The ageless wisdom teachings indicate the most effective approach if the aim is to become more intuitive: "Only as the heart enlarges its capacity to suffer with all that breathes, to love all that is contacted, and to under- stand and sympathise with the least desirable of God's creatures can [this] work go forward." Tolerance is said to be the first expression of intuitive understanding, reflecting the essential nature of the intuition as "the synthetic, inclusive grasp of the life and needs of all beings," as the sense that "negates all that builds barriers," as the means by which we achieve "the identification with that which is loved." Perhaps it is not too fanciful to read a deeper significance into the choice by the UN General Assembly to proclaim 1995 The International Year of Tolerance in the lead-up to the new millennium. To affirm and to strengthen the quality of tolerance is, knowingly or not, to recognise the need for intuitive understanding.
We become increasingly sensitive to the world of the intuition through persistent efforts to live by our higher impressions. An idea strikes us that seems particularly lighted and we sense how it could help others. It can pass in a fleeting moment. Years back I heard a play by Vaclav Havel. It was broadcast by the BBC when he was a dissident, long before his later role as the president of his country. In the play a character says of the inner voice that prompts us to better deeds that all you have to do is to 'hum a little tune and you drown it out' or words to that effect. It so easy to do just that. But if we seize these higher impressions and act upon them so that others benefit we will find, over time, that our lives become more selfless and inspired and that the flower of the intuition begins to unfold.
Imagination is the "seed" of this inner flower. The pathway for the manifestation of all ideas is via the imagination. First they are grasped by the intuition, then they are imaged and 'thought through' the various stages of the journey into form. Until we begin to meditate or become deliberately conscious of our thought processes for some other reason, we may be largely unaware of the way our imagination conditions our experience of life. If our 'daydreams' are negative, full of anxiety, fear or harmful images they act as a magnet drawing negativity to us. If our imagination is fired by altruistic concerns it lifts our consciousness and energy flows to them. If we use the creative imagination to build images of human unity and peace we strengthen these qualities in ourselves and in our environment, evoking response from higher levels of awareness. To cultivate the creative imagination in this constructive manner sends a powerful call to the intuition.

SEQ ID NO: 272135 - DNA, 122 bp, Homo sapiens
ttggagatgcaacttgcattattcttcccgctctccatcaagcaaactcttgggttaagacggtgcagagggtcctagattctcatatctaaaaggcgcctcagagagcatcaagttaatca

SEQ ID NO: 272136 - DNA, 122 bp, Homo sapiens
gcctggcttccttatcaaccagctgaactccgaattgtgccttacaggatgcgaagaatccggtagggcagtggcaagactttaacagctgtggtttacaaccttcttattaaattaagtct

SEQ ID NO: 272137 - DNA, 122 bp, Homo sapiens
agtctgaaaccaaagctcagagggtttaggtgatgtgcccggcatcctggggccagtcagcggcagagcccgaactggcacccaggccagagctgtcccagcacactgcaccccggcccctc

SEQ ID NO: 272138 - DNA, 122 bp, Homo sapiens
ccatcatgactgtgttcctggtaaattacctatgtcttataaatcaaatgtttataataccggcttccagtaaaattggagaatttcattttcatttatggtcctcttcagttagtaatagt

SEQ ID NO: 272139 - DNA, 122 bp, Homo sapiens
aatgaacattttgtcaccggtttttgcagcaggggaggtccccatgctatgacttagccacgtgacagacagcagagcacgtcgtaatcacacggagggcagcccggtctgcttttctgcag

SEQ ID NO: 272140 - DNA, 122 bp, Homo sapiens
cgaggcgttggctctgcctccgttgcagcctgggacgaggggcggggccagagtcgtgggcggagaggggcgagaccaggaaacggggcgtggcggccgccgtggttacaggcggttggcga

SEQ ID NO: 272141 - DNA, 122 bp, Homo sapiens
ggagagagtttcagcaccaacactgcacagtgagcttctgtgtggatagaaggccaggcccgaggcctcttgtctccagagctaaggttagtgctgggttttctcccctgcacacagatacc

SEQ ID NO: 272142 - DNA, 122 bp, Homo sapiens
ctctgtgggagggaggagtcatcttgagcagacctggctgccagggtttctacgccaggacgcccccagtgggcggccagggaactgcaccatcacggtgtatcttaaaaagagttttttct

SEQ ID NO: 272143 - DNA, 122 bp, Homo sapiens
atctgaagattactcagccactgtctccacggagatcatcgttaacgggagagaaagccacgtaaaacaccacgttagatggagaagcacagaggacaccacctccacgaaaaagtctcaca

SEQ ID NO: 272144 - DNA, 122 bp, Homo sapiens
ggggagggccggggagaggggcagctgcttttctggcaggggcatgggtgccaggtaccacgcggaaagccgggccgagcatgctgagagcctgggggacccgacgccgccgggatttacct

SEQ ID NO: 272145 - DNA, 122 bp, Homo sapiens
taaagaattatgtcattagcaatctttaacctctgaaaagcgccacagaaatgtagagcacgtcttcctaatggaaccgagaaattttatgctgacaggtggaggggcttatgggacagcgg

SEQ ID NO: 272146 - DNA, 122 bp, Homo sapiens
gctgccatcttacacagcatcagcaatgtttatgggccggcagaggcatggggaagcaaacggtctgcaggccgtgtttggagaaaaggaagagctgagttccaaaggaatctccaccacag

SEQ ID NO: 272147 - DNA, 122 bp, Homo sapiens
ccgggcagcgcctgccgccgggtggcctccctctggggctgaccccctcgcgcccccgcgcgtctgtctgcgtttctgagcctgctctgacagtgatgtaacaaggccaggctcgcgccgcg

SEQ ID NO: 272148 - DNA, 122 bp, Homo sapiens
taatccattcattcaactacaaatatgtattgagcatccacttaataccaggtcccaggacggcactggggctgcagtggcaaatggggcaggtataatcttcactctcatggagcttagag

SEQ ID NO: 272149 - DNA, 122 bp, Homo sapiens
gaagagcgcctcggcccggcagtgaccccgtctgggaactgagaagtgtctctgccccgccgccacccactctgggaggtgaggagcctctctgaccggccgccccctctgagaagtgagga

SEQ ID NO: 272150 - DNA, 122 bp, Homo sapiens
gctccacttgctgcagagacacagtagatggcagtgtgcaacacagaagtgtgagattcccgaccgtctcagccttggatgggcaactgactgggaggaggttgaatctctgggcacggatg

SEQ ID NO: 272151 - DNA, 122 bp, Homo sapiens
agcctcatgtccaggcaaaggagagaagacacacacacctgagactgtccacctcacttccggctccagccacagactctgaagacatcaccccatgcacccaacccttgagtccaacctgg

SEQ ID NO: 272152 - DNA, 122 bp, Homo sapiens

In exceptional spiritual visionaries intuitive perception may seem to be an effortless knowing, an easy bridging between the sacred and everyday understanding. However, no matter how effortless this process, it will be the hard-earned result of long practice of spiritual living in the past. Such spiritual attainment always reflects a significant expansion of consciousness and its manifestation in the meeting of real human or world need.
Intuition & Service
That the spirit of altruistic service is now widespread in the human family shows how increasingly people are turning from materialism, realising how it vastly underrates human potential and is profoundly life-destroying. This realisation indicates a shift towards more spiritual values. For many it triggers a major step forward in self-realisation. With inner work and outer service there is new sensitivity to higher levels of consciousness and intuitive perception is cultivated. A new perspective results. The bonds of unity between all who work effectively in any way for the betterment of humanity and the world become almost as if visible. Events and initiatives that are life-enhancing seem as if they are lit up from within, so appealing are they. Leaders and groups with good motives and a genuine concern for the greater good are recognised as if one has an inner tuning fork that sounds its note in response to integrity. These are signs of the intuition.
From this perspective another realisation dawns. It becomes increasingly apparent that any initiative in any field that changes consciousness for the better and that meets real need is in essence a group effort. For instance, who writes the books that bring new vision into human thought? Certainly the one who wields the pen or labours at the keyboard, whose thoughts push frontiers of understanding and who is able to grasp ideas imbued with the spirit of the future and then clothe this new understanding in words that do it justice and have meaning to the wider readership. In this manner insights previously too subtle, too rarefied for recognition are precipitated into the human field of conscious knowing. This may seem to be a classic example of a solo effort, but not so.